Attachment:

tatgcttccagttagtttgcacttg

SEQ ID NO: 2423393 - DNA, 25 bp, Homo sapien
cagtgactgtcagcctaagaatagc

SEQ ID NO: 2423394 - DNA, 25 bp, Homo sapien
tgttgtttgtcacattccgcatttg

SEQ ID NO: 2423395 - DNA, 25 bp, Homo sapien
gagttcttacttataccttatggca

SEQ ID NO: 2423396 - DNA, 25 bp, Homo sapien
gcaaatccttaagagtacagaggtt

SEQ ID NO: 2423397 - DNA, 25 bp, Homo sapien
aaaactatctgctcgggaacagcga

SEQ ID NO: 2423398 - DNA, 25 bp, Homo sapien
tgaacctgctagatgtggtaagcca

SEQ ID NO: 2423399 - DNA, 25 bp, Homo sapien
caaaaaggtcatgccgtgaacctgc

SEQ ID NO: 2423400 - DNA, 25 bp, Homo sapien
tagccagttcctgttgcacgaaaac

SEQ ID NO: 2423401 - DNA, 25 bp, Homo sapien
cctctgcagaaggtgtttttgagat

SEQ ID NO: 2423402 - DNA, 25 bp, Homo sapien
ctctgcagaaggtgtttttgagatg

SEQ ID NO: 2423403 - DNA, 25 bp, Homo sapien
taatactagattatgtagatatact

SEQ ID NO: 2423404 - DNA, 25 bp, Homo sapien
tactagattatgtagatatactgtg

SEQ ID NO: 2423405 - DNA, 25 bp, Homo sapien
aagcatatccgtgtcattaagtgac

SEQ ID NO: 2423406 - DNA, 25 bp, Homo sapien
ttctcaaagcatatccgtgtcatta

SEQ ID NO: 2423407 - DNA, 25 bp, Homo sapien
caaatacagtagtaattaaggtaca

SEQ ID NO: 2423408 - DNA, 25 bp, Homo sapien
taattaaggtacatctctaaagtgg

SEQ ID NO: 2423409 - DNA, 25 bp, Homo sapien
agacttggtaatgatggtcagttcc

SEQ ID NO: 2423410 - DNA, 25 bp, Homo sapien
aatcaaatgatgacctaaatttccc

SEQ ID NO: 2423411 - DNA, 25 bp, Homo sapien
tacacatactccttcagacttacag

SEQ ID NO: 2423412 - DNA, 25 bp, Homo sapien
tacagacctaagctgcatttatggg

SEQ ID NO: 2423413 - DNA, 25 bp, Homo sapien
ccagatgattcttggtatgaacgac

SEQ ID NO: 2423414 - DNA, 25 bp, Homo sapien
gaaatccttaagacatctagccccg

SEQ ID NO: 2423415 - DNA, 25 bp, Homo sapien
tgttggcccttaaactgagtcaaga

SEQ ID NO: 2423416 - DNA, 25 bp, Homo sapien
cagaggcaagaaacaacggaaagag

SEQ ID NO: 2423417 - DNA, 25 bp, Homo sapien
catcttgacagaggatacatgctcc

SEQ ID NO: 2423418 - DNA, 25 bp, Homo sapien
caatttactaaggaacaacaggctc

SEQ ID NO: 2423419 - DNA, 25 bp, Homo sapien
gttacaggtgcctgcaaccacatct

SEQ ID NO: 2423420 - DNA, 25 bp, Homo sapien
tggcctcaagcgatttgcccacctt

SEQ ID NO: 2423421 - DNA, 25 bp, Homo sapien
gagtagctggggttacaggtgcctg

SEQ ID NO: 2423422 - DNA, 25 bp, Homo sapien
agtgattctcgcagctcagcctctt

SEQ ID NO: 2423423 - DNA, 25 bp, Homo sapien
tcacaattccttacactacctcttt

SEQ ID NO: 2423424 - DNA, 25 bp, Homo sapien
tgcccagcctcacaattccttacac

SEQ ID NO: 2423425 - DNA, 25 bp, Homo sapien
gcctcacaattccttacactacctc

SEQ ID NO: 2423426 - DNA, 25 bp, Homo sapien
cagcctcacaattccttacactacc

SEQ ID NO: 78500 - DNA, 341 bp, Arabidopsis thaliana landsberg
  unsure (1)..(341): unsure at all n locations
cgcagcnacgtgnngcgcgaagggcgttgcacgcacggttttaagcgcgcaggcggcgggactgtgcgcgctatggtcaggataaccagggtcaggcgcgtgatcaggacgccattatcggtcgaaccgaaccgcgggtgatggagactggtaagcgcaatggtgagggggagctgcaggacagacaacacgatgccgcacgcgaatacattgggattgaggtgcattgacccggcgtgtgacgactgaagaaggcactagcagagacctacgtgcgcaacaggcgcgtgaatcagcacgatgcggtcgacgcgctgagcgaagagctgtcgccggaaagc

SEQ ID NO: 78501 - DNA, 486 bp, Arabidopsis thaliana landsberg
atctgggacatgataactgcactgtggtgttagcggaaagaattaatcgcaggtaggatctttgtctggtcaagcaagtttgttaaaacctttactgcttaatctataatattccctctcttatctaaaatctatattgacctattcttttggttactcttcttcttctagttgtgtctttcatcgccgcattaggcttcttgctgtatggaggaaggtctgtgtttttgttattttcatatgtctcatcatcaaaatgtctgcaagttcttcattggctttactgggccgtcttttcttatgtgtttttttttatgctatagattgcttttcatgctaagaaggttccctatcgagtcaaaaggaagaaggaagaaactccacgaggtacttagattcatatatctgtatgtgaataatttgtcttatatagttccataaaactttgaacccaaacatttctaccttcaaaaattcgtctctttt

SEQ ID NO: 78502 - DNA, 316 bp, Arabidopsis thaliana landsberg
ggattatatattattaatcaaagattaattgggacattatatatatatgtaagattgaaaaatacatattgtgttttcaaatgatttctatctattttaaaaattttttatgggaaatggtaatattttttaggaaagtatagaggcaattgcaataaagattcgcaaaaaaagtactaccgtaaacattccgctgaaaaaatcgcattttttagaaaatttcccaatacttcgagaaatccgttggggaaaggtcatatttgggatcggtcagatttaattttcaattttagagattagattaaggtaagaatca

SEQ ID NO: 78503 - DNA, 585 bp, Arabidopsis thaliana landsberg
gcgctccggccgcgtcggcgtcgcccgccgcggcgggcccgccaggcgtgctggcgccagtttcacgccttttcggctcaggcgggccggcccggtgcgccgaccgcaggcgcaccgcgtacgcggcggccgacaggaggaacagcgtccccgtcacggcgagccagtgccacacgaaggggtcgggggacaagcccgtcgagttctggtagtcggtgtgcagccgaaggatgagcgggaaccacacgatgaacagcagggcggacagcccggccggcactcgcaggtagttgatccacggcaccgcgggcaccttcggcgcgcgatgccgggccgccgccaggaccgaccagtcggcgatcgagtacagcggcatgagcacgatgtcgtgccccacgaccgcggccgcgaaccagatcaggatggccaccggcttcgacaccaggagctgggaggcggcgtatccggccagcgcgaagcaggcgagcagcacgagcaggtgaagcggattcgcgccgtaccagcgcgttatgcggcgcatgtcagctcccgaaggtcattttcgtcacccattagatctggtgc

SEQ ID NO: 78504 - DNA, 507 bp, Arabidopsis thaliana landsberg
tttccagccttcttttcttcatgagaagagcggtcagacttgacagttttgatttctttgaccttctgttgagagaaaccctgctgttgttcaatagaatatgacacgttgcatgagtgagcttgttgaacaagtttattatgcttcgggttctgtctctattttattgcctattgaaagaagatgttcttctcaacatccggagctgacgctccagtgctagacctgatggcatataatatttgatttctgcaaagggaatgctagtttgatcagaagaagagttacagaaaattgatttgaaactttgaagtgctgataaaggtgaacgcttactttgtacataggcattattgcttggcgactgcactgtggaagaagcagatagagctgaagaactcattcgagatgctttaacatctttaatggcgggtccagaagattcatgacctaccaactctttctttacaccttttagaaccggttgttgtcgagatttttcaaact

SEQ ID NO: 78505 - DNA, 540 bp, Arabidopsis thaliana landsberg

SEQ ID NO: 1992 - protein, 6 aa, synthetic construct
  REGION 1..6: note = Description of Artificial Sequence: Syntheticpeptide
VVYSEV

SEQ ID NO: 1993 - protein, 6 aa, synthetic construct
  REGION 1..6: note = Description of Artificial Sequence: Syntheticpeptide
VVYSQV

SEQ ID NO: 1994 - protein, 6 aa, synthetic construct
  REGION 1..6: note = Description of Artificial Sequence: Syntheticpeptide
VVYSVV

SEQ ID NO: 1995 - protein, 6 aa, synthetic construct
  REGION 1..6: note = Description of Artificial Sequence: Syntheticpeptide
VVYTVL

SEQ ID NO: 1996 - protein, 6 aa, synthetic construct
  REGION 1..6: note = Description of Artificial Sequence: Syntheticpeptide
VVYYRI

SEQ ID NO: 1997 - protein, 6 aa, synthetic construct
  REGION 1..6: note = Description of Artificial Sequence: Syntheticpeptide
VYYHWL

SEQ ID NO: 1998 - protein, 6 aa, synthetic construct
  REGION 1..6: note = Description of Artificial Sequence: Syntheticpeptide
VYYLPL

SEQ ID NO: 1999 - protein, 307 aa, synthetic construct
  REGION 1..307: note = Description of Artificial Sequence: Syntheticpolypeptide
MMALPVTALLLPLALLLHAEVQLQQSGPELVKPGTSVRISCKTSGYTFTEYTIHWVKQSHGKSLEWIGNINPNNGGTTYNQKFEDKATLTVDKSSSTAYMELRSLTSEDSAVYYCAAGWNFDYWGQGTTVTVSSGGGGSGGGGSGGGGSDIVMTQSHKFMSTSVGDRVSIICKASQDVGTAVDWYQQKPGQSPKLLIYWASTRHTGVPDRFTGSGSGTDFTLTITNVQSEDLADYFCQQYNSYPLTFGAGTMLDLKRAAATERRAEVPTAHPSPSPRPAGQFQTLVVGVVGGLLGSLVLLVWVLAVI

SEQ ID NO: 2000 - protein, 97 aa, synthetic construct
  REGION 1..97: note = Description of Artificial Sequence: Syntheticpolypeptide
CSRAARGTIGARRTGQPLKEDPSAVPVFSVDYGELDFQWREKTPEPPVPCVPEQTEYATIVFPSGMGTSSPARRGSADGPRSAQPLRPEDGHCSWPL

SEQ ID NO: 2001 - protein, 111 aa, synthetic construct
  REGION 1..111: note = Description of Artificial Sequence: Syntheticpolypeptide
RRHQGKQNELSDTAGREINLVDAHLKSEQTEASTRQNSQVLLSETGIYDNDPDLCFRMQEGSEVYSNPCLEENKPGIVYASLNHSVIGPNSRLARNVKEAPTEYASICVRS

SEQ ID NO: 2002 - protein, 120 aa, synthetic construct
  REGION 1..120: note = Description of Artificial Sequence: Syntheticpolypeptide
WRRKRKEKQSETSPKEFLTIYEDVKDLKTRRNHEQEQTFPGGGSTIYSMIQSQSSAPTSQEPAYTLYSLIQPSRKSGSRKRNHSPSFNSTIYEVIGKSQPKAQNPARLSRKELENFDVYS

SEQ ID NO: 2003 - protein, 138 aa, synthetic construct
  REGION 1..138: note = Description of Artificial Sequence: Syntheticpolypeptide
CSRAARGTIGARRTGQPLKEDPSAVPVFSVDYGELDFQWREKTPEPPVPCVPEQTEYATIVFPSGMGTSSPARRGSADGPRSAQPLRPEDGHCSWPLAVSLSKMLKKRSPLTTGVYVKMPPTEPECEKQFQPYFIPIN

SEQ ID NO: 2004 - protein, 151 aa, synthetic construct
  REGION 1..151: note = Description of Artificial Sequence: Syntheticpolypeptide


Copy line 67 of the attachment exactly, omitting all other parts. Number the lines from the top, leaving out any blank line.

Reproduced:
gcctcacaattccttacactacctc